This is your master list. Don’t lose it! I recommend saving it on your computer under a very easy title so you can look it up.
3. Print off a free calendar.
Lucky for you, I have a free calendar for you to download! Yay! It even has a space under each day of the week for you to write in the category that you are going to use.
You can print off a free weekly printable meal calendar here (color | black & white). I use this one in addition to my monthly plan to have more room to write so I can plan the details and write my shopping list. You can print off both if you’d like!
4. Fill Out Your Monthly Calendar.
Put one genre at the top of each day of the week. This might vary from month to month depending on your schedule and the season. I tend to do my “Quick and Easy” list during baseball season and I like to swap out something in the summer to plan for a grilling night (normally Saturday). Now use the lists you just brainstormed for each category and fill in the calendar with what sounds good and what you want to make. Incorporate any date nights, eating out, family events, and designated leftover nights (I use my leftovers for Sundays so I don’t have to cook one day a week).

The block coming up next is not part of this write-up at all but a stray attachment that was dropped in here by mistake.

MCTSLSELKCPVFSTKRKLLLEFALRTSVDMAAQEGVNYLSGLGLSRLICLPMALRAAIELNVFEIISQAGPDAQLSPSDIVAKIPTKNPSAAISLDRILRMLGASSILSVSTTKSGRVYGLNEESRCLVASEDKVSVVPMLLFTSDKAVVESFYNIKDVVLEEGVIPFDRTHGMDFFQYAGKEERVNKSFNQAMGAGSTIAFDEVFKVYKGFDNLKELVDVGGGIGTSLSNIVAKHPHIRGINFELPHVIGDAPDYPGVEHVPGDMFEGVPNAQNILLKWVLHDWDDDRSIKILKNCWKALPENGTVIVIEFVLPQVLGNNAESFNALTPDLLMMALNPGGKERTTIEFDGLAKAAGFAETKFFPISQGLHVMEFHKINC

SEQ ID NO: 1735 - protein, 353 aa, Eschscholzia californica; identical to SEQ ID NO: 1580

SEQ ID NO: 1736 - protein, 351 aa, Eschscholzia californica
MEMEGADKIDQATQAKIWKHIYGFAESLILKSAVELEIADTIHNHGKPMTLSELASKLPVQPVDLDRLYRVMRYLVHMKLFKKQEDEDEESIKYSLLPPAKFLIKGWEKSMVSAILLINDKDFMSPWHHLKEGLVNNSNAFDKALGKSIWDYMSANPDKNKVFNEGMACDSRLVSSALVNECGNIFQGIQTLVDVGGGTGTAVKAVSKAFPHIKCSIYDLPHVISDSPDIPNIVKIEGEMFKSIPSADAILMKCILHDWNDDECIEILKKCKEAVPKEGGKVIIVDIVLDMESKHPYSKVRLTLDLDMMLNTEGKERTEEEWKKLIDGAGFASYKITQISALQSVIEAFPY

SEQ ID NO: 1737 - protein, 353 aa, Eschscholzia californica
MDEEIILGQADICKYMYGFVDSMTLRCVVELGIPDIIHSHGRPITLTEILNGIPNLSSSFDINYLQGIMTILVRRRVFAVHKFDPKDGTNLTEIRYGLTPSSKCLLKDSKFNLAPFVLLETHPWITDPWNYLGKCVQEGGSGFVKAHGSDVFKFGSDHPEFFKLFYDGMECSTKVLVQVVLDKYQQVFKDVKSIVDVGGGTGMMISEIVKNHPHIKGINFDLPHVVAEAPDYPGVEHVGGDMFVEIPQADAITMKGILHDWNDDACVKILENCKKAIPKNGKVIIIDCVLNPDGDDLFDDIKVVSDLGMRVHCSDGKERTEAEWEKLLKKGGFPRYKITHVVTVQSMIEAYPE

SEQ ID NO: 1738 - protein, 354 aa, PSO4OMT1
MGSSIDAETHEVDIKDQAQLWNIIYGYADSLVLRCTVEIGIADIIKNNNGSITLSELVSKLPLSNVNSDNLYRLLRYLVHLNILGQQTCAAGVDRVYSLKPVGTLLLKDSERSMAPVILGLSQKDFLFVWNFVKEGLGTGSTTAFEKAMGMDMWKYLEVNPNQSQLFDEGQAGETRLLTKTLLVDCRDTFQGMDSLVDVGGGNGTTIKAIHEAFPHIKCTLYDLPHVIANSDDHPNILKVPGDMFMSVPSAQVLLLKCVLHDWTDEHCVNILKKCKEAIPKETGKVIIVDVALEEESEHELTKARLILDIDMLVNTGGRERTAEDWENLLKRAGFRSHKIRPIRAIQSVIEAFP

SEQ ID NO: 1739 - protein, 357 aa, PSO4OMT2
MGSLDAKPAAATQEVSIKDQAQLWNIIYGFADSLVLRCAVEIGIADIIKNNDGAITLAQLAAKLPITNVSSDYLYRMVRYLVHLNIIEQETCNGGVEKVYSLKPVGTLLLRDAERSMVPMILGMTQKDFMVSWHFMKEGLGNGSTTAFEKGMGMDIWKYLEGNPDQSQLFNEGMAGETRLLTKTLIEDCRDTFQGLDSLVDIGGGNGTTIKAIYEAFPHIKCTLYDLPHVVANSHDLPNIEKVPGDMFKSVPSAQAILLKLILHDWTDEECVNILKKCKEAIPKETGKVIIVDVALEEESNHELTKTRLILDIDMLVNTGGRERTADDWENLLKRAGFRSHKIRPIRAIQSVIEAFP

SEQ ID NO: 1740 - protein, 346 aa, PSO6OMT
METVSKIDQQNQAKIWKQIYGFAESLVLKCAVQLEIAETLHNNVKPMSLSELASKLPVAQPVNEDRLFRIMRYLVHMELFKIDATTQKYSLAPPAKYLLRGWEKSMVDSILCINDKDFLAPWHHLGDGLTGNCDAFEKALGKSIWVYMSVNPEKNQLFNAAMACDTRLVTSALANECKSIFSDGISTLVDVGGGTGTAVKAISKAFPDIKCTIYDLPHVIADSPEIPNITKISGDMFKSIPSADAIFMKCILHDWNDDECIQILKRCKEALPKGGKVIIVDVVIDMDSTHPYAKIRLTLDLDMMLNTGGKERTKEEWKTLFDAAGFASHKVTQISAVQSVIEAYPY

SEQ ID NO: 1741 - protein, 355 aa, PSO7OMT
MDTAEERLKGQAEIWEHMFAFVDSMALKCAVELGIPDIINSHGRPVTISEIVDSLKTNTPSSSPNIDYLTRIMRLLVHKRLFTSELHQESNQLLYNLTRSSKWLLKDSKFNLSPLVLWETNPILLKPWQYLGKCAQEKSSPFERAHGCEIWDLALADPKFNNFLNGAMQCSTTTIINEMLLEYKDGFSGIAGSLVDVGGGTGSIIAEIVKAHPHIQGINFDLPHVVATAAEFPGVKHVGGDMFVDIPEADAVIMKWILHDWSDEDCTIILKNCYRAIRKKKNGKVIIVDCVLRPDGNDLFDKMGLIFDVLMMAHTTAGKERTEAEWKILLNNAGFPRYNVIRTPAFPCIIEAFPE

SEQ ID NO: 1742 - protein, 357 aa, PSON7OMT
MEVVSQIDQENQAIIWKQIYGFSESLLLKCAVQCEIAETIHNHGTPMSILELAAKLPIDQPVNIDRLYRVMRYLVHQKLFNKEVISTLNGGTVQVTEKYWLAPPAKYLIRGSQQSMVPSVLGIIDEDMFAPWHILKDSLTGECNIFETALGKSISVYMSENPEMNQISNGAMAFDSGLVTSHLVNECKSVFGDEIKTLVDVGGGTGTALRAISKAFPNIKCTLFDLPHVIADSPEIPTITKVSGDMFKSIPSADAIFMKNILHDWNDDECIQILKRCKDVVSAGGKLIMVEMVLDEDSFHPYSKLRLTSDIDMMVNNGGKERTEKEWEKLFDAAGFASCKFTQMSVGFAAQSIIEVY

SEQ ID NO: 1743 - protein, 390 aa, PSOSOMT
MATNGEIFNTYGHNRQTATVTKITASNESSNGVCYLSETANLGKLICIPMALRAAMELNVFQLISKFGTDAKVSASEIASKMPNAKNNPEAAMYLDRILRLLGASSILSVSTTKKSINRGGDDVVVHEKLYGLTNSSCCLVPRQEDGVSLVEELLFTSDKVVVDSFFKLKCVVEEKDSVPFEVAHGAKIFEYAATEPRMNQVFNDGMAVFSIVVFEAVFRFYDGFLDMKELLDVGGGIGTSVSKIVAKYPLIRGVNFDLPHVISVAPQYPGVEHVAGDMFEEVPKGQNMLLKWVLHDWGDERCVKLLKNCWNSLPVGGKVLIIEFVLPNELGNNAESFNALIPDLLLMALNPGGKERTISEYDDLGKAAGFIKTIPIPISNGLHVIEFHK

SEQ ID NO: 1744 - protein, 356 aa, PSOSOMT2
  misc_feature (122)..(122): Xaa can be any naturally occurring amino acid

I’m also mindful of the day of the week and how busy it is. Tuesdays are always really busy with music lessons and Scouts, so I plan on really easy, fast, or slow cooker meals for that night. This is also a great time to specify trying a new recipe. One of your categories can be “new recipes” or you can just stick a few in with whatever category they fit. I normally only plan for one or two new recipes a week (or none depending on how busy life feels), but I’ll rarely try more than that in a week.
5. Fill Out Your Weekly Calendar.
One day a week (I like to do this on Saturday or Sunday), sit down with your monthly meal plan and a blank weekly meal plan. Fill in your week and make note of any sides you might want to add or plan on making. This is a great time to “shop the sale” and plan on sides based on what is on sale. I’ll also make a note if I’m making something in addition to the main dish, like breadsticks or rice. Make a shopping list for the week and plan your shopping day. When you get home from your shopping trip (I shop Monday mornings), you can plan to do a bit of meal prep to make your nights even easier (more on that coming soon).
Then all that is left is to use your plan and love it! No more guessing what’s for dinner. No more digging around the cupboards trying to put dinner together. You can make a few months worth of monthly meal plans and then just cycle through them.